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Robert James Bidinotto is a contemporary freelance writer, editor, thinker, and lecturer. He is perhaps best known for his published criticisms of the criminal justice system, and of the environmentalist movement and philosophy. Bidinotto advocates the philosophy and writings of Ayn Rand, and from July 2005 until October 2008, he was editor-in-chief of The New Individualist, the monthly magazine published by The Atlas Society.

Bidinotto has written for many different publications. He also hosts his own website dedicated to criticism of the environmental movement, runs a blog, and lectures at colleges and universities.



During the late 1980s and until 1995, Bidinotto was a staff writer for Reader's Digest. During this time, he authored many high-profile pieces which dealt with failings in the United States criminal justice system. The most well-known of these was "Getting Away with Murder" (July 1988), which, during the 1988 presidential campaign, made murderer Willie Horton and prison furloughs the decisive issues in the defeat of Michael Dukakis. He also wrote about environmental issues, such as the Alar scare and Global Warming. Bidinotto subsequently edited a book, Criminal Justice? The Legal System Vs. Individual Responsibility, and wrote Freed to Kill, a compendium of horror stories about the justice system.

Bidinotto worked subsequently for several years for The Objectivist Center, and later for The Capital Research Center where he edited two monthly periodicals: Organization Trends and Foundation Watch. He left this latter position in July 2005 and returned to The Objectivist Center, now renamed as The Atlas Society, where he served as the editor-in-chief of their monthly magazine of politics and culture, The New Individualist, until October 2008.

Bidinotto wrote a blog where he addressed political and cultural issues, including his opposition to the philosophical foundations of environmentalism, appreciation for the literature of Ayn Rand, and criticisms of the philosophy of Anarcho-Capitalism. He maintains a website called "ecoNOT" which deals specifically with environmental issues, and another site promoting his freelance writing and editing work. Politically, he supported the 2002 American military intervention in Iraq, backed George W. Bush in the 2004 election, and was in favor of removing Terri Schiavo's feeding tube.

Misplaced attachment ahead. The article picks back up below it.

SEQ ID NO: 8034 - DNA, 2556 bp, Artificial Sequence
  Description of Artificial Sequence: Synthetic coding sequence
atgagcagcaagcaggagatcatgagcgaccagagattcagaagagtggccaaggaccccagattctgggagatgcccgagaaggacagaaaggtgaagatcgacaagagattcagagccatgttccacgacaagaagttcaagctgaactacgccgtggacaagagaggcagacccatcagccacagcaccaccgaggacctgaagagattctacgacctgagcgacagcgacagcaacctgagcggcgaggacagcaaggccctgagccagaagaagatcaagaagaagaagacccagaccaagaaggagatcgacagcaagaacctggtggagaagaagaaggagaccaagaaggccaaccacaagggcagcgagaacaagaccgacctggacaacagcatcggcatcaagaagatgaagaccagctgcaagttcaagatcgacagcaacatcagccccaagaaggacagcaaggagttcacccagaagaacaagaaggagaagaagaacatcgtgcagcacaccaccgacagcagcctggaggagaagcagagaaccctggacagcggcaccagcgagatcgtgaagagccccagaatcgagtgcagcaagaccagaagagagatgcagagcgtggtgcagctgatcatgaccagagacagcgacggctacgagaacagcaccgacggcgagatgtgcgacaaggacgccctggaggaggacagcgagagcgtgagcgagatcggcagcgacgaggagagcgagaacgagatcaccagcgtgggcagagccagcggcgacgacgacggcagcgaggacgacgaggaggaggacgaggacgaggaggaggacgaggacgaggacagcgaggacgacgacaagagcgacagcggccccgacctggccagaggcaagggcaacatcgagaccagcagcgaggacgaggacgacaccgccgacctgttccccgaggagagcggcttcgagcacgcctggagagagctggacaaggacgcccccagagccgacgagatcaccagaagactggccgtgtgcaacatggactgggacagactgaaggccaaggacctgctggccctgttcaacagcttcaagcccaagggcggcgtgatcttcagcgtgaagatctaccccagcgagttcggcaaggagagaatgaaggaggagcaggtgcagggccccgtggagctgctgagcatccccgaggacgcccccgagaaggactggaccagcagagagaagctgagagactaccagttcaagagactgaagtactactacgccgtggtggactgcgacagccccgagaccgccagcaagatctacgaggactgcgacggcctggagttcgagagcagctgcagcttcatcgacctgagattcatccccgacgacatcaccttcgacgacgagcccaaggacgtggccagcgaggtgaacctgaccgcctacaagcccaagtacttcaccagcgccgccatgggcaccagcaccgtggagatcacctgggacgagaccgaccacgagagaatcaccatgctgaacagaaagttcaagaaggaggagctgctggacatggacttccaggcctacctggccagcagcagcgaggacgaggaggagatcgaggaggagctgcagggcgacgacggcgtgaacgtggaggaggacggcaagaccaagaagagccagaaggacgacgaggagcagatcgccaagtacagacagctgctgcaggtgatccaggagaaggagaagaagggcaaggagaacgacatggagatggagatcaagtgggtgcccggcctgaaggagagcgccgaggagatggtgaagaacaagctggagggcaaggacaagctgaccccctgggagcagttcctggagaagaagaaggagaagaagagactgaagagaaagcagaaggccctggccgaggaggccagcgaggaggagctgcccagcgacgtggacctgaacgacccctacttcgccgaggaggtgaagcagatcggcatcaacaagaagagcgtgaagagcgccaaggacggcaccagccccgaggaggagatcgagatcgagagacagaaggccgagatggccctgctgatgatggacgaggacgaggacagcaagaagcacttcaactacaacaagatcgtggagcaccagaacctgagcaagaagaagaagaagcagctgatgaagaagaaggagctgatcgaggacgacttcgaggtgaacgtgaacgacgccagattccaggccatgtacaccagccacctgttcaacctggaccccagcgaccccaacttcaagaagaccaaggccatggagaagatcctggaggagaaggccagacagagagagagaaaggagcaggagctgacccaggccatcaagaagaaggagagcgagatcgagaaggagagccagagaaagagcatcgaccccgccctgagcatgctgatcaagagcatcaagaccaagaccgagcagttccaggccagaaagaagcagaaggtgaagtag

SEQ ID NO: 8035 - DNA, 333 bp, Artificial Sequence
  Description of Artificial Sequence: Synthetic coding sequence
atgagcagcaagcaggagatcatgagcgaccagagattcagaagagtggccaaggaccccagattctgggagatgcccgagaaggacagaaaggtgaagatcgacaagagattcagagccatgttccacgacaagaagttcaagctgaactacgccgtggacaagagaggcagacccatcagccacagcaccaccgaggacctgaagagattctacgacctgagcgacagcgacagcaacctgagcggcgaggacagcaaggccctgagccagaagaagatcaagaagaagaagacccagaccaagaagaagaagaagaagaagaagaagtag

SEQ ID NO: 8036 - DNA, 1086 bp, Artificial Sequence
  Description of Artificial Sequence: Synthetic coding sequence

In September 2007, The New Individualist was honored with Folio magazine's prestigious Gold "Eddie" Award for Bidinotto's article "Up from Conservatism," which appeared in the magazine's March 2007 issue.[1] The American Society of Magazine Editors recognized Bidinotto's prison-furlough article in the July 1988 Reader's Digest as one of five national finalists for "Best Magazine Article of the Year in the Public Interest Category." He also was honored with the Free Press Association's Mencken Award for "Best Feature Story" and the annual journalism award from the National Victim Center, "for sensitivity and fairness in reporting victim issues." Bidinotto has appeared as a guest on numerous radio and television programs, including CBS radio's Crosstalk, CNN's Sonya Live, Geraldo, The Rush Limbaugh Show, The Bob Grant Show, CNBC's Rivera Live, and the Canadian Broadcasting Corporation.

He currently resides with his wife on the Chesapeake Bay and is at work on nonfiction and fiction book projects.


  • "Problems loom large when men don't." (Quoted in Reader's Digest)
  • It's time that we define and defend a new vision: an inspiring individualist vision of human potential, in which each human being is honored as an end in himself, with reason as his guide to action, and his own life, well-being, and happiness as his ultimate reward. From his manifesto, "Environmentalism or Individualism?"

Selected bibliography

  • "Terrorism and Unilateral Moral Disarmament" in Greaves, Bettina Bien, ed (1985). Terrorism and the Media. Irvington, New York: The Foundation for Economic Education.  
  • "Prison Furloughs Allow Criminals to Commit More Crimes" in Dudley, William, ed (1989). Crime and Criminals: Opposing Viewpoints. San Diego, California: Greenhaven Press. ISBN 0-89908-416-8.  
  • "What Is Freedom For?" in Robbins, John W. & Spangler, Mark, eds (1992). A Man of Principle: Essays in Honor of Hans F. Sennholz. Grove City, Pennsylvania: Grove City College Press. ISBN 0-9631818-0-7.  
  • "What Is the Truth about Global Warming?" in Miller, Robert K., ed (1992). The Informed Argument: A Multidisciplinary Reader and Guide (3rd ed.). Fort Worth, Texas: Harcourt Brace Jovanovich. ISBN 0-15-541456-9.  
  • "Global Warming" in Lavdis, D. C.; Santoro, J. & Wasowski, J., eds (1993). Contemporary Issues. Rocky River, Ohio: The Center for Learning.  
  • "Environmentalism: Freedom's Foe for the '90's" in Sennholz, Hans F., ed (1993). Man and Nature. Irvington, New York: Foundation for Economic Education. ISBN 0-910614-88-1.  
  • Editor. Criminal Justice? The Legal System Versus Individual Responsibility (2nd ed.). Irvington, New York: The Foundation for Economic Education. 1995. ISBN 1-57246-016-4.  
  • Freed to Kill: How America's "Revolving Door" of Justice Fails to Protect the Innocent. Washington, DC: Safe Streets Coalition. 1996. ISBN 0-9644719-0-6.  


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